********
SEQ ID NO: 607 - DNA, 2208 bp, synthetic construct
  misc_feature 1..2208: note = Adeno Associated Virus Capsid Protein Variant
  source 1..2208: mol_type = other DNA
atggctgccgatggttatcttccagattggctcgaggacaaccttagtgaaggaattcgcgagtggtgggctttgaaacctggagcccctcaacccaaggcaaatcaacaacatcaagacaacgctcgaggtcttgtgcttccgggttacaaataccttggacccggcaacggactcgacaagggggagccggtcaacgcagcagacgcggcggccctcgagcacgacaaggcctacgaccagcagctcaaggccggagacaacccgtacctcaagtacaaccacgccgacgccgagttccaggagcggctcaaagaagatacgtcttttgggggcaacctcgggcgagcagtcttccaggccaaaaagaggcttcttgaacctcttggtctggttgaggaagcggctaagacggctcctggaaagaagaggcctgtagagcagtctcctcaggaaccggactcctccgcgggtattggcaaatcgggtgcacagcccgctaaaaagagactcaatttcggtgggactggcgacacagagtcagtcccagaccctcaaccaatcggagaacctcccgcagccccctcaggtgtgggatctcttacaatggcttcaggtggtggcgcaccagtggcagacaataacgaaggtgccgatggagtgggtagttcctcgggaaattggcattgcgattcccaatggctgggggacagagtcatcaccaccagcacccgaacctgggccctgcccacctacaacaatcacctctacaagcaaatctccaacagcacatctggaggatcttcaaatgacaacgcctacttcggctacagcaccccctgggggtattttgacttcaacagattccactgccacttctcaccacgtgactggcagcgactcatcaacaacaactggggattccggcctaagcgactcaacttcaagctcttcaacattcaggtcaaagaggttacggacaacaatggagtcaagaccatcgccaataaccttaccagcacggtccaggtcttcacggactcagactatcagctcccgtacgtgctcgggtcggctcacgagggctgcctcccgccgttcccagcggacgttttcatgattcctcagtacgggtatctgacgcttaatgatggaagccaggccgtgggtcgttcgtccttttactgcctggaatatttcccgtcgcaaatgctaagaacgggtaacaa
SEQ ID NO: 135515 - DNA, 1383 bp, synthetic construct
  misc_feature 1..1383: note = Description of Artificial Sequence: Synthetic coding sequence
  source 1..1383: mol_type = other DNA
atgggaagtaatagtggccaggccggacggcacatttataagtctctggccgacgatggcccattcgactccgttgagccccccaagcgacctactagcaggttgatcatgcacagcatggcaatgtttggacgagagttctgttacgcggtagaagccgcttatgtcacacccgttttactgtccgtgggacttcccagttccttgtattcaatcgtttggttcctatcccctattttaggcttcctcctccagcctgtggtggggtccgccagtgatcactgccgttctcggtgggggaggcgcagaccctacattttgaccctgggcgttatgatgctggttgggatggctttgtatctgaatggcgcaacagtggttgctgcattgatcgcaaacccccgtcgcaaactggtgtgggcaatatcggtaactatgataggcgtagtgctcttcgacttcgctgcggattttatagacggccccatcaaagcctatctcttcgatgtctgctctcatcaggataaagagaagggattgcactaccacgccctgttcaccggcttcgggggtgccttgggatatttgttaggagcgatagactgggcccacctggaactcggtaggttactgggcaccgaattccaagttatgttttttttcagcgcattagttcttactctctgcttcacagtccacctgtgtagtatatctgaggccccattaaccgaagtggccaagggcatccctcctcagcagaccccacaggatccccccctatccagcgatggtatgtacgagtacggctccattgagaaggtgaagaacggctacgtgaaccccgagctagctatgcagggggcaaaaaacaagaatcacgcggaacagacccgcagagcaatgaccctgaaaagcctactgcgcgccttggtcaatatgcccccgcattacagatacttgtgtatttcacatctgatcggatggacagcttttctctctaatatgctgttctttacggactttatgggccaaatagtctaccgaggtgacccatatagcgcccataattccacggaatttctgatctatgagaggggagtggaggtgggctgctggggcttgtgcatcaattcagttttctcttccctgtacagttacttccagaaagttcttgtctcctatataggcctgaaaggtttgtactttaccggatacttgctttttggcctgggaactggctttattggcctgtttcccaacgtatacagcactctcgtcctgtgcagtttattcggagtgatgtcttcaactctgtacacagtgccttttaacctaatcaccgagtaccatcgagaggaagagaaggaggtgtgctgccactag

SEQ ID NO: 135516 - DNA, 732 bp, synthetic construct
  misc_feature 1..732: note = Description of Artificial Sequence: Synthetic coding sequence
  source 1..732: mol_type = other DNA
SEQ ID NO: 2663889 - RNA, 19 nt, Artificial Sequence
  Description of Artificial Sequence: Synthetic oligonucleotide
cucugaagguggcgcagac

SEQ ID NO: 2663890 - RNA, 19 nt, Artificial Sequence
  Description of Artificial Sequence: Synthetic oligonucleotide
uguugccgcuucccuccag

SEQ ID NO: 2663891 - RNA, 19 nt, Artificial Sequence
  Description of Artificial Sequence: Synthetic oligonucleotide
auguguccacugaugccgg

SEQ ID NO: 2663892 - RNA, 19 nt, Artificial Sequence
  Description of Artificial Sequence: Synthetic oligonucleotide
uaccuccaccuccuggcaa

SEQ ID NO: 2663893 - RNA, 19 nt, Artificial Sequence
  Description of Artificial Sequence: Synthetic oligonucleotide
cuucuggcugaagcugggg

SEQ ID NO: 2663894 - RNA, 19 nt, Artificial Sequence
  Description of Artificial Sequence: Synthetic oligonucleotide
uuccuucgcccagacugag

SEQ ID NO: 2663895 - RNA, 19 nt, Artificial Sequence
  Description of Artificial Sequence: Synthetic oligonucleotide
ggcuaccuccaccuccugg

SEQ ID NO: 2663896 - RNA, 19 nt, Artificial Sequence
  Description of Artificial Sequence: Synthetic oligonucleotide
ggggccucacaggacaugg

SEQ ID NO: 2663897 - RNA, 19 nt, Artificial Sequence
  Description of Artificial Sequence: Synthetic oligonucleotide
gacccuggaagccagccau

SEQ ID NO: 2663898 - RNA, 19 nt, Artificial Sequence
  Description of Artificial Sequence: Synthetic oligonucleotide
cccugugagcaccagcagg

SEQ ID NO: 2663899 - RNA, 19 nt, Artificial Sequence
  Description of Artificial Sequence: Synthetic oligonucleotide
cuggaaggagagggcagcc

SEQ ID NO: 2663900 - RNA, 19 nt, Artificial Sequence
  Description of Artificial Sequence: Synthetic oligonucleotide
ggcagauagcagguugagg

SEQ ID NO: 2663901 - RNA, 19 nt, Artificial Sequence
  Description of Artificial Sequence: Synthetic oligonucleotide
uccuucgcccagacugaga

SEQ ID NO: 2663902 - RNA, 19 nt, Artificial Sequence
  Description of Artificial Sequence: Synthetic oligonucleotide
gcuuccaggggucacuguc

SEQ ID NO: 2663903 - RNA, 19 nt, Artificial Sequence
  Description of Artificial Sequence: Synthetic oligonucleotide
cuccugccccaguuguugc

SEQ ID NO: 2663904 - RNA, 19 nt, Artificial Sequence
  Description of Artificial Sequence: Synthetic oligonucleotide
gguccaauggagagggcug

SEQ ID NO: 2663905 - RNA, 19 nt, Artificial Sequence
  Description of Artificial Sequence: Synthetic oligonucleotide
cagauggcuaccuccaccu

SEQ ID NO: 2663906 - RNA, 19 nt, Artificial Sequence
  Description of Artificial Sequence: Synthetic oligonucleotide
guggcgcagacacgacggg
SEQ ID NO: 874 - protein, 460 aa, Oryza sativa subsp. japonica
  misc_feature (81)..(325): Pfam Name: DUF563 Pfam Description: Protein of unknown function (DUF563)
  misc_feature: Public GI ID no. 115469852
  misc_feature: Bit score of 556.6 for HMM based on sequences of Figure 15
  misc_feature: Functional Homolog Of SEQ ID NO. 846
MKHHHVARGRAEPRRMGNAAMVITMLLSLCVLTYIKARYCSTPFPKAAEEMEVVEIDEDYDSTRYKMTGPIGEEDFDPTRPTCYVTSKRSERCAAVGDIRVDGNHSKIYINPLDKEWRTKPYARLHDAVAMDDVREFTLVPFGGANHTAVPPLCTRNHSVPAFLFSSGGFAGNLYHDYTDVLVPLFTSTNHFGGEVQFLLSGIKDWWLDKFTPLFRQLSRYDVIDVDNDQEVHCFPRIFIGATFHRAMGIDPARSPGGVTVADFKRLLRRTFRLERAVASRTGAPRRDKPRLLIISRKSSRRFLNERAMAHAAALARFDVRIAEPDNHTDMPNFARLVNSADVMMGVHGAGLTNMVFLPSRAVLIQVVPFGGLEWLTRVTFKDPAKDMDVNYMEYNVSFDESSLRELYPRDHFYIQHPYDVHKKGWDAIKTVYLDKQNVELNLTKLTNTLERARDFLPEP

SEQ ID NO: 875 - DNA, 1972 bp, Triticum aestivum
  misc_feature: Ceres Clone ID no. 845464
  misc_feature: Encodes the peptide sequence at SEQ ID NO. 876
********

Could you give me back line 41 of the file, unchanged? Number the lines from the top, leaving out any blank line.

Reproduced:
cccugugagcaccagcagg